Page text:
My First Jury Trial
Some time back, a friend who reads these musings remarked “You being a lawyer, I kind of figured that you would do some writing on legal subjects.” I cannot recall what my actual answer was, but his comment did stick with me. And when I happened to think about my first jury trial a few days ago, his comment bubbled up into my consciousness again.
When I started out, I was hired by a small law firm that did mostly insurance defense litigation. “Insurance defense” is something that most people never experience. But when you are in a traffic accident and get sued by the other driver, and when your insurance company retains counsel to defend you, then you have experienced insurance defense.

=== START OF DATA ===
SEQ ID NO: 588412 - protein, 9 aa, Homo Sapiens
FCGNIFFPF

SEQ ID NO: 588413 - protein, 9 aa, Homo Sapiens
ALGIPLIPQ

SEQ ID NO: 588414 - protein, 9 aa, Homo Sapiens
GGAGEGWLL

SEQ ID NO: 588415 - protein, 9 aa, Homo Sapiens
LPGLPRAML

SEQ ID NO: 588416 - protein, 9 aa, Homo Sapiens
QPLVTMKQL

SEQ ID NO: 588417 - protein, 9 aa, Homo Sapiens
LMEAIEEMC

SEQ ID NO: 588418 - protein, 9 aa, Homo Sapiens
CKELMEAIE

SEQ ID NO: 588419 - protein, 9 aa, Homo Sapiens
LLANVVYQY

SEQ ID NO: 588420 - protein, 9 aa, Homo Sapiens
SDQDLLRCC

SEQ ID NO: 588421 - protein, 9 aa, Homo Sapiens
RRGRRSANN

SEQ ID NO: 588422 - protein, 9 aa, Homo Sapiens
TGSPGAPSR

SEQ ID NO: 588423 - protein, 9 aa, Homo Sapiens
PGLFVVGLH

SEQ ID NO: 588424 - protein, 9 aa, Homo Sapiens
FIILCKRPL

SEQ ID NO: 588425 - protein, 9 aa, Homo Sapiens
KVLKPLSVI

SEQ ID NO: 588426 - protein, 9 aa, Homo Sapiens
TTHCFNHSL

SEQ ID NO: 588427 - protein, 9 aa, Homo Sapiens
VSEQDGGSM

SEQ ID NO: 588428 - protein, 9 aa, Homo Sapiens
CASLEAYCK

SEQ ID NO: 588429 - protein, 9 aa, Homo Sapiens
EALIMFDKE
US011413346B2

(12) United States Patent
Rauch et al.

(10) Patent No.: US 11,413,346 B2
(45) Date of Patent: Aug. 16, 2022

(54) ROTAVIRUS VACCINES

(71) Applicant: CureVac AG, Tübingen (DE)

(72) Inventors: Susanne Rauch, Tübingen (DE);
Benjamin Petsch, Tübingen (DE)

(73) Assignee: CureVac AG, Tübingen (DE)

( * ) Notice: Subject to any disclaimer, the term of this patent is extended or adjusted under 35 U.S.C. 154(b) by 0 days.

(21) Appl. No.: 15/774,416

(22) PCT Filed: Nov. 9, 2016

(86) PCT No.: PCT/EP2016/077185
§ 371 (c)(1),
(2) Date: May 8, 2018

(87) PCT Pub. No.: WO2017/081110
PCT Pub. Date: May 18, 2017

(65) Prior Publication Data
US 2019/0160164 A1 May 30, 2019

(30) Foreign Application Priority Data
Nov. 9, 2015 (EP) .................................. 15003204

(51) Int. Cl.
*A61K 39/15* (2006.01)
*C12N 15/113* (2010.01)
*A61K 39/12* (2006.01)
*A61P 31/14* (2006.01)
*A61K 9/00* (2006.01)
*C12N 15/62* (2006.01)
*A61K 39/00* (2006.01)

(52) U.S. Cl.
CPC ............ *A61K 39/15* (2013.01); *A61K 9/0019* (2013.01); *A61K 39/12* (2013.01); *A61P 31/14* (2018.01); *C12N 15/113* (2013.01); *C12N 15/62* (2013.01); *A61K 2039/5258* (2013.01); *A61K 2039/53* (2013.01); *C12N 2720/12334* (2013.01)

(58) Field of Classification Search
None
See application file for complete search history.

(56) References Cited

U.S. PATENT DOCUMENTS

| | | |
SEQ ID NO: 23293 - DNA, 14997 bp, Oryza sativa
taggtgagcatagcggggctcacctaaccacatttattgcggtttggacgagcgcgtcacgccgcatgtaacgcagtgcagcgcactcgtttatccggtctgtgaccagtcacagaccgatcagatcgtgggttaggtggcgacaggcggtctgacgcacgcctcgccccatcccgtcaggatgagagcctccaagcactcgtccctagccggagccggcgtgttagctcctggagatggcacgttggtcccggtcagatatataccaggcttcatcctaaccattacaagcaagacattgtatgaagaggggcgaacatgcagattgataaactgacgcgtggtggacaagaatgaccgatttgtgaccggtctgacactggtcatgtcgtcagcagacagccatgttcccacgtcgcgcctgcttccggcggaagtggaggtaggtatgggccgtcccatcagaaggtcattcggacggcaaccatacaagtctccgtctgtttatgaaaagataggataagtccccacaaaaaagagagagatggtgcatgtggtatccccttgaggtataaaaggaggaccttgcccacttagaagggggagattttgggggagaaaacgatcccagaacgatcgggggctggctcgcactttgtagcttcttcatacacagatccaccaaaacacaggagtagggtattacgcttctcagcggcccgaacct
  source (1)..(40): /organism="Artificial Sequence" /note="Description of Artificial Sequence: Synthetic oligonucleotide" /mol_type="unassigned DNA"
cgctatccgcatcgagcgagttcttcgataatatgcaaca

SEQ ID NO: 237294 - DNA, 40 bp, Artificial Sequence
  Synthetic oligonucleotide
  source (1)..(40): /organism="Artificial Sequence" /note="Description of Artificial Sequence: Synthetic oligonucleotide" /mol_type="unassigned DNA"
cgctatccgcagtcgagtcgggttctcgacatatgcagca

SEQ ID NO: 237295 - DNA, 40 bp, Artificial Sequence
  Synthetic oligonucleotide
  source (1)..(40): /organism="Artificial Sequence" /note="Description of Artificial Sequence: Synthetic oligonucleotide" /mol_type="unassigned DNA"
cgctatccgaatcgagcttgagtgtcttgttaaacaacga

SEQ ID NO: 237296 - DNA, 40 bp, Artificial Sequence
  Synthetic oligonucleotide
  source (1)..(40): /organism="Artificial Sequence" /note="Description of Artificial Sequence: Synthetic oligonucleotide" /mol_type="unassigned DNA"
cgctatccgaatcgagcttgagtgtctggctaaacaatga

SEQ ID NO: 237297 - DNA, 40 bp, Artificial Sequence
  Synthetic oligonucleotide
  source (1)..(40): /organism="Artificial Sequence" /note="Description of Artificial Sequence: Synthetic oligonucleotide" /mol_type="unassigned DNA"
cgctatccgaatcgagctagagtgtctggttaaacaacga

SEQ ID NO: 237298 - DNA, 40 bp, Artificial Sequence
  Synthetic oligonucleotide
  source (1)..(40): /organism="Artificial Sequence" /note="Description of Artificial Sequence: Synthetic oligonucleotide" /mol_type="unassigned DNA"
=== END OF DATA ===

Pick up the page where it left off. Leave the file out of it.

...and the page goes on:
As a green trial lawyer, the habit was for the senior lawyers to find something easy to get the new kid started. And so they did with me.
The facts were that my client (let’s call him Mr. Baker) liked Corvairs, and drove one every day. Because this happened in the mid 1980s, a man driving a Corvair was no longer a common thing, as it had been in, say, 1965. But Mr. Baker was of an engineering background and had owned several of them over the years to indulge his
fetish hobby. He started his Corvair one frosty morning to go to work. As he pulled onto the main road, his windows began to fog over, and he could not see what was in front of him. He slowed down and kind of steered right, but not being able to see outside, he was afraid to do much of anything. That was when the man driving the pickup truck behind him ran into the rear of Mr. Baker in his nearly-stopped Corvair.